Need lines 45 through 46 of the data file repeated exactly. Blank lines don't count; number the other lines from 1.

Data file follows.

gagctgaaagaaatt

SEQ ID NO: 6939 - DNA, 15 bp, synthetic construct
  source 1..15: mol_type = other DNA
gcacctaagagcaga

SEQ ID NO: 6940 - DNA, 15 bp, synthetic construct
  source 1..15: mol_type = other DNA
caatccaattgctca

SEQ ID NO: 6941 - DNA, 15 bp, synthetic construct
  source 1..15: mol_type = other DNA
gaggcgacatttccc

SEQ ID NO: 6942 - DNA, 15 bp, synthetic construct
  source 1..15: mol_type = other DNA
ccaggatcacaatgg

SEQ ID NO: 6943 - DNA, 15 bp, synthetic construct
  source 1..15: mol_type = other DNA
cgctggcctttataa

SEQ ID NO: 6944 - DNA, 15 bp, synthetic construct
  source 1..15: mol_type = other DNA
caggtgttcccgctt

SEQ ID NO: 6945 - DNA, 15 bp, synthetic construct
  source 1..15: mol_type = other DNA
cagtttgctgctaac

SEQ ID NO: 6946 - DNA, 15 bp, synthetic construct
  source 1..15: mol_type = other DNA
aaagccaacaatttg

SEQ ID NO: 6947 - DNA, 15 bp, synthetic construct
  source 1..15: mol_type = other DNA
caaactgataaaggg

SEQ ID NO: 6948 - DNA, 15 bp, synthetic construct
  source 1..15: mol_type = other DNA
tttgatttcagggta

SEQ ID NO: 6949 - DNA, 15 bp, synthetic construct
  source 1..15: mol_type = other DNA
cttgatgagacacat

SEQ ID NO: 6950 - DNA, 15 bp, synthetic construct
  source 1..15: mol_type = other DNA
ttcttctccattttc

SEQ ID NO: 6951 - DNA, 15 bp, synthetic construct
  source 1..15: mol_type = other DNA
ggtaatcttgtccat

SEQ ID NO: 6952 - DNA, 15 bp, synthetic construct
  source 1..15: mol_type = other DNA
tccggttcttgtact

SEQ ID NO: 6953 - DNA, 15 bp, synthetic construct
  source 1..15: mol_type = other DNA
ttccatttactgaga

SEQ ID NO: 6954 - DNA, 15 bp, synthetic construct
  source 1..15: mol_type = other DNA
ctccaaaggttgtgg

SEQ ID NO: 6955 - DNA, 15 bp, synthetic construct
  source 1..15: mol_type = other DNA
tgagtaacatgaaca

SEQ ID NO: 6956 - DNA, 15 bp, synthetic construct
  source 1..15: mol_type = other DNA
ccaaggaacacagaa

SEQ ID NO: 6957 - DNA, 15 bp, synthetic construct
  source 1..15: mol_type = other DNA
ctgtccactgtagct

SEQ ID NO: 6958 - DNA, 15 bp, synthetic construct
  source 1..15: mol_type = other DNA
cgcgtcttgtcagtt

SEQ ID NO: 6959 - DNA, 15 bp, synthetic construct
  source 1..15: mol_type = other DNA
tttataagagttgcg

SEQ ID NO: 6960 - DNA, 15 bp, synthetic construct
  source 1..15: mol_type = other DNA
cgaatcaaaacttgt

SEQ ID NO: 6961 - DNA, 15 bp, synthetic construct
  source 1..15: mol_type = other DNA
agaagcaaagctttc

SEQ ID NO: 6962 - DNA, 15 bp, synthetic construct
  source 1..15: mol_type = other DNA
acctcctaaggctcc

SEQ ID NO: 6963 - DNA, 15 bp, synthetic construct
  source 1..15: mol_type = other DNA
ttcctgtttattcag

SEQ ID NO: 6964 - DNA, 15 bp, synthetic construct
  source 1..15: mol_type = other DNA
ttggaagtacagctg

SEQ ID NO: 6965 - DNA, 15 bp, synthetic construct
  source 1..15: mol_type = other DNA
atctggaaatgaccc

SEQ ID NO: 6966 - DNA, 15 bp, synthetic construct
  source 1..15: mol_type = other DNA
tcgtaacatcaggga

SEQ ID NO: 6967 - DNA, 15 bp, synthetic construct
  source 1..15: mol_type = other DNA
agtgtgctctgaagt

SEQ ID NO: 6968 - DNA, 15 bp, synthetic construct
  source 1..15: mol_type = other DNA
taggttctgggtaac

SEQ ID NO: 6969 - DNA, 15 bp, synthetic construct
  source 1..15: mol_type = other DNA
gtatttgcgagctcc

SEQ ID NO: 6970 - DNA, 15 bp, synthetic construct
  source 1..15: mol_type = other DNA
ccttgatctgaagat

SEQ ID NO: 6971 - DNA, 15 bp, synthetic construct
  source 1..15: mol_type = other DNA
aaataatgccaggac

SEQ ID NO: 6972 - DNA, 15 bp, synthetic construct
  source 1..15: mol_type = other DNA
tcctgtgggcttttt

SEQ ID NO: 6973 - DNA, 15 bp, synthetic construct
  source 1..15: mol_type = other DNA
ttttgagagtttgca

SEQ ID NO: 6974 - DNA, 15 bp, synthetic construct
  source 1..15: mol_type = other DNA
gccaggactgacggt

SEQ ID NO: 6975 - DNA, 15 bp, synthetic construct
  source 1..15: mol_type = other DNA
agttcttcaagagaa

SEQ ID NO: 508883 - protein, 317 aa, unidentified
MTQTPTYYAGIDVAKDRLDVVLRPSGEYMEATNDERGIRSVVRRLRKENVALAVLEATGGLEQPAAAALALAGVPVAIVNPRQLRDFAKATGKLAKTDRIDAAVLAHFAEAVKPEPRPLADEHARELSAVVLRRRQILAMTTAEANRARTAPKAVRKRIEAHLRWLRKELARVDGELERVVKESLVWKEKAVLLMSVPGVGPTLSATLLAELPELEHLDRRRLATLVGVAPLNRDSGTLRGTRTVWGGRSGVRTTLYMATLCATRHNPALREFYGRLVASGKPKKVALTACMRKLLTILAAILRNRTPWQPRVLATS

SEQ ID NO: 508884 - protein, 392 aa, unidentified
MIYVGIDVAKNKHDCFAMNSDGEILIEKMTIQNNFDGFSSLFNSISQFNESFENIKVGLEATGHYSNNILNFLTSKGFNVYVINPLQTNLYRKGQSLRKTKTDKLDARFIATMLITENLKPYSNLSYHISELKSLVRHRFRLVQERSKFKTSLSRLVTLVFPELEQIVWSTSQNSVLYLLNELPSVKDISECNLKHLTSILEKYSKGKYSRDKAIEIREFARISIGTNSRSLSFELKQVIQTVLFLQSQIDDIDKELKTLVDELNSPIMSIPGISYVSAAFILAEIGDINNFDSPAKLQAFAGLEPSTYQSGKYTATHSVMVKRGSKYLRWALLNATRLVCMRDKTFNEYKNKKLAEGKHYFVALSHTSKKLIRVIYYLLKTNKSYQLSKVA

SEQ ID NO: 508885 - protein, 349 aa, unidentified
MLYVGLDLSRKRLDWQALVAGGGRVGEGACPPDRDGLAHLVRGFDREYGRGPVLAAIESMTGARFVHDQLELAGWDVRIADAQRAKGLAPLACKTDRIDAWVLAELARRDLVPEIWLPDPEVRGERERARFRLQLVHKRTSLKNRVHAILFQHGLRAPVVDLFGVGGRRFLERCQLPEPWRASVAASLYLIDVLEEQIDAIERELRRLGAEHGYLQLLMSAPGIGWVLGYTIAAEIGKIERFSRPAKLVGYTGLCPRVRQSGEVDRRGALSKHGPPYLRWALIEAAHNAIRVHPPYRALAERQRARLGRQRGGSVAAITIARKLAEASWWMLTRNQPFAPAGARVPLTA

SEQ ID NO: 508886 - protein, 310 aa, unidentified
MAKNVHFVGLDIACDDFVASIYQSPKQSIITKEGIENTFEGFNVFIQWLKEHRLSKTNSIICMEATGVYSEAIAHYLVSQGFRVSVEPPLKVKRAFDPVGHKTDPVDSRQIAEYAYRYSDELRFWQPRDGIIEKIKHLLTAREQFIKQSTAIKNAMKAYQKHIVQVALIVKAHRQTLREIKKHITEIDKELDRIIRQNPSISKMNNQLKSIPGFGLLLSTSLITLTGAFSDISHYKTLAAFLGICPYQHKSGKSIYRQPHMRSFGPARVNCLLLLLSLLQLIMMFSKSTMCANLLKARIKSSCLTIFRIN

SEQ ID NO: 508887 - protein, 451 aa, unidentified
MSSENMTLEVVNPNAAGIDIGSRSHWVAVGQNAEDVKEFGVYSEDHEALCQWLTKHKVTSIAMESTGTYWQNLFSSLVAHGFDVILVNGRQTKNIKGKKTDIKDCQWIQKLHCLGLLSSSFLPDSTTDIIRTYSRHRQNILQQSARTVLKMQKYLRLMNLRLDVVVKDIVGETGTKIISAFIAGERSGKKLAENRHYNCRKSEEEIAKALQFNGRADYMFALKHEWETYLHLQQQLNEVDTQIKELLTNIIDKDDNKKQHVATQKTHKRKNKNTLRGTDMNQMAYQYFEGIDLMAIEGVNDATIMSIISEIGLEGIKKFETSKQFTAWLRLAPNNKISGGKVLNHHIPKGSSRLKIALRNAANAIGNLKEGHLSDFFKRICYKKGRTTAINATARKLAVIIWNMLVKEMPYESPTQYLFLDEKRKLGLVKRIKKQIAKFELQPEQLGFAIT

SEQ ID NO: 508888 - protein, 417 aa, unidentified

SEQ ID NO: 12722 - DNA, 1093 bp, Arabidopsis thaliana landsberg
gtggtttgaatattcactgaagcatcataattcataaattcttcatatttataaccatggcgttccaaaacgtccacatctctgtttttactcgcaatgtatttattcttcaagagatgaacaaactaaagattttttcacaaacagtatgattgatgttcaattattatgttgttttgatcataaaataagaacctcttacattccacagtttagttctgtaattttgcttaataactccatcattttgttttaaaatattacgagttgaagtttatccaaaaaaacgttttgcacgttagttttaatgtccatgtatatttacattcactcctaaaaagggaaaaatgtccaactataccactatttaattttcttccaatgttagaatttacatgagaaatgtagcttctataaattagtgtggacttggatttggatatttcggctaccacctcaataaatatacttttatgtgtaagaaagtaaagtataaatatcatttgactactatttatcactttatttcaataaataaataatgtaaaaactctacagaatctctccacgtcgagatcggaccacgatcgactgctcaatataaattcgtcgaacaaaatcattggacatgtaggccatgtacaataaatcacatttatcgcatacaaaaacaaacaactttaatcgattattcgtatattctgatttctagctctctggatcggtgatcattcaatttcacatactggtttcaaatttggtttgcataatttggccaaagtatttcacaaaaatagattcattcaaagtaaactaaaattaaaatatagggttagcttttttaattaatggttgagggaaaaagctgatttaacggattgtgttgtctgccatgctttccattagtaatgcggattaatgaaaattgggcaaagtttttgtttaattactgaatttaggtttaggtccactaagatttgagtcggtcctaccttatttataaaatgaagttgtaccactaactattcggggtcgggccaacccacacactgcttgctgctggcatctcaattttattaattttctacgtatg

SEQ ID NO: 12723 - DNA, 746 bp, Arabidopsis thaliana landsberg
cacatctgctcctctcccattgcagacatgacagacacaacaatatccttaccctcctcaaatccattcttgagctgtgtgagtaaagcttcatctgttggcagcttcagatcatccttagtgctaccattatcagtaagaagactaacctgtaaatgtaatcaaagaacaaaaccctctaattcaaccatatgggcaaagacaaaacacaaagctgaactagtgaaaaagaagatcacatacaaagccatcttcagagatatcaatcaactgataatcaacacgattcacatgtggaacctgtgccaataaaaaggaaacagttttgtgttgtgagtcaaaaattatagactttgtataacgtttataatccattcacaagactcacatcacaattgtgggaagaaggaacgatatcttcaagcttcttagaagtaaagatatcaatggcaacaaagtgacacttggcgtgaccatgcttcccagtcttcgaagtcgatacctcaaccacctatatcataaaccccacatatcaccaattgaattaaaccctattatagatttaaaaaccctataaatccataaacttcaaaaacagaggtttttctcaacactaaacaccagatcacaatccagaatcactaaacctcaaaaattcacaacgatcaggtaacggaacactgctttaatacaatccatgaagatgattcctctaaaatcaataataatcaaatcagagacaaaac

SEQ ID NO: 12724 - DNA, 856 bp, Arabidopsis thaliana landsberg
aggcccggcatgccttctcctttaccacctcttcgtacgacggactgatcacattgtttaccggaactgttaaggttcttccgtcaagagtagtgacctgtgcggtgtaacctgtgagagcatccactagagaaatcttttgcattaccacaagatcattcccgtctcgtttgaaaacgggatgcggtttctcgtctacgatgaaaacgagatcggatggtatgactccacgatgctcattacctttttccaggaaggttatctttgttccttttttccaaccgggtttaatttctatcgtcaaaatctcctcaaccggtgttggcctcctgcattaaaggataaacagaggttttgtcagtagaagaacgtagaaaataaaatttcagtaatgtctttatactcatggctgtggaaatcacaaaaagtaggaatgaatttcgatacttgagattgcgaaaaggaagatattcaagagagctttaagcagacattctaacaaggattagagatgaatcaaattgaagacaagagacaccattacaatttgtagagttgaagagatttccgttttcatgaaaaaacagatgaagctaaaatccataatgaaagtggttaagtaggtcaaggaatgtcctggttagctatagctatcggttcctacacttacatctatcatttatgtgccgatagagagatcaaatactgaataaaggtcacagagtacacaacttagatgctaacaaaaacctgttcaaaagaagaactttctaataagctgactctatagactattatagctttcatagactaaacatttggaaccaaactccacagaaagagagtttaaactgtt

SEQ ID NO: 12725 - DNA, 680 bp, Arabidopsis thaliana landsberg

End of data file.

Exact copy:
  source 1..15: mol_type = other DNA
ttccatttactgaga